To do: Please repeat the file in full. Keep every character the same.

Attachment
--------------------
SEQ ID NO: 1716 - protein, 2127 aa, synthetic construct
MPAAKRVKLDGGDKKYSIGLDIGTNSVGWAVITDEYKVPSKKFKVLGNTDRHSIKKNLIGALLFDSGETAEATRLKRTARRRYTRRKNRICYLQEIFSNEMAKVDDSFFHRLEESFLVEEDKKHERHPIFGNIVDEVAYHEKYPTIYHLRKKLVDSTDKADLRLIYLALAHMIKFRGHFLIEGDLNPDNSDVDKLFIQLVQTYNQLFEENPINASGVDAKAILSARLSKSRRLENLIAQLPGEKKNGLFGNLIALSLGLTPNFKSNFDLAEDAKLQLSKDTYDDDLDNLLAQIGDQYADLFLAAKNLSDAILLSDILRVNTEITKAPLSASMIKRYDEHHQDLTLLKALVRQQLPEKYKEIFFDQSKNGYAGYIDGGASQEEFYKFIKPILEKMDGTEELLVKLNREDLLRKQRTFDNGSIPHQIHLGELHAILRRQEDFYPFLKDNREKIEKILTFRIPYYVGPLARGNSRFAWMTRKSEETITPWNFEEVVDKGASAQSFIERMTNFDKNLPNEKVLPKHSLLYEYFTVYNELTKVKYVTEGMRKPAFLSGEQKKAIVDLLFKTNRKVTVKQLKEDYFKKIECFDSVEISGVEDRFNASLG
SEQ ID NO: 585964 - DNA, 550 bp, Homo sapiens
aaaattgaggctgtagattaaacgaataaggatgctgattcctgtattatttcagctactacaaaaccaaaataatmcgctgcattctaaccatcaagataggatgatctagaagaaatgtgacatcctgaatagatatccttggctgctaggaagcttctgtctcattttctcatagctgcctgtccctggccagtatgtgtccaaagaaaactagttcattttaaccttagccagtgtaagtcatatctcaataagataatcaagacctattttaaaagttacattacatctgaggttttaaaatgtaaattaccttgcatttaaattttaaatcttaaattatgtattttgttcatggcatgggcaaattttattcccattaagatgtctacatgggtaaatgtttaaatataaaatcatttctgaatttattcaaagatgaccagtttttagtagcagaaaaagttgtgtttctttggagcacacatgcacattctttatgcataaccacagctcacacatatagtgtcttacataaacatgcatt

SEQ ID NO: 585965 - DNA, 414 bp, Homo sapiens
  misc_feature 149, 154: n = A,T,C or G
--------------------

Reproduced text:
SEQ ID NO: 1716 - protein, 2127 aa, synthetic construct
MPAAKRVKLDGGDKKYSIGLDIGTNSVGWAVITDEYKVPSKKFKVLGNTDRHSIKKNLIGALLFDSGETAEATRLKRTARRRYTRRKNRICYLQEIFSNEMAKVDDSFFHRLEESFLVEEDKKHERHPIFGNIVDEVAYHEKYPTIYHLRKKLVDSTDKADLRLIYLALAHMIKFRGHFLIEGDLNPDNSDVDKLFIQLVQTYNQLFEENPINASGVDAKAILSARLSKSRRLENLIAQLPGEKKNGLFGNLIALSLGLTPNFKSNFDLAEDAKLQLSKDTYDDDLDNLLAQIGDQYADLFLAAKNLSDAILLSDILRVNTEITKAPLSASMIKRYDEHHQDLTLLKALVRQQLPEKYKEIFFDQSKNGYAGYIDGGASQEEFYKFIKPILEKMDGTEELLVKLNREDLLRKQRTFDNGSIPHQIHLGELHAILRRQEDFYPFLKDNREKIEKILTFRIPYYVGPLARGNSRFAWMTRKSEETITPWNFEEVVDKGASAQSFIERMTNFDKNLPNEKVLPKHSLLYEYFTVYNELTKVKYVTEGMRKPAFLSGEQKKAIVDLLFKTNRKVTVKQLKEDYFKKIECFDSVEISGVEDRFNASLG
SEQ ID NO: 585964 - DNA, 550 bp, Homo sapiens
aaaattgaggctgtagattaaacgaataaggatgctgattcctgtattatttcagctactacaaaaccaaaataatmcgctgcattctaaccatcaagataggatgatctagaagaaatgtgacatcctgaatagatatccttggctgctaggaagcttctgtctcattttctcatagctgcctgtccctggccagtatgtgtccaaagaaaactagttcattttaaccttagccagtgtaagtcatatctcaataagataatcaagacctattttaaaagttacattacatctgaggttttaaaatgtaaattaccttgcatttaaattttaaatcttaaattatgtattttgttcatggcatgggcaaattttattcccattaagatgtctacatgggtaaatgtttaaatataaaatcatttctgaatttattcaaagatgaccagtttttagtagcagaaaaagttgtgtttctttggagcacacatgcacattctttatgcataaccacagctcacacatatagtgtcttacataaacatgcatt

SEQ ID NO: 585965 - DNA, 414 bp, Homo sapiens
  misc_feature 149, 154: n = A,T,C or G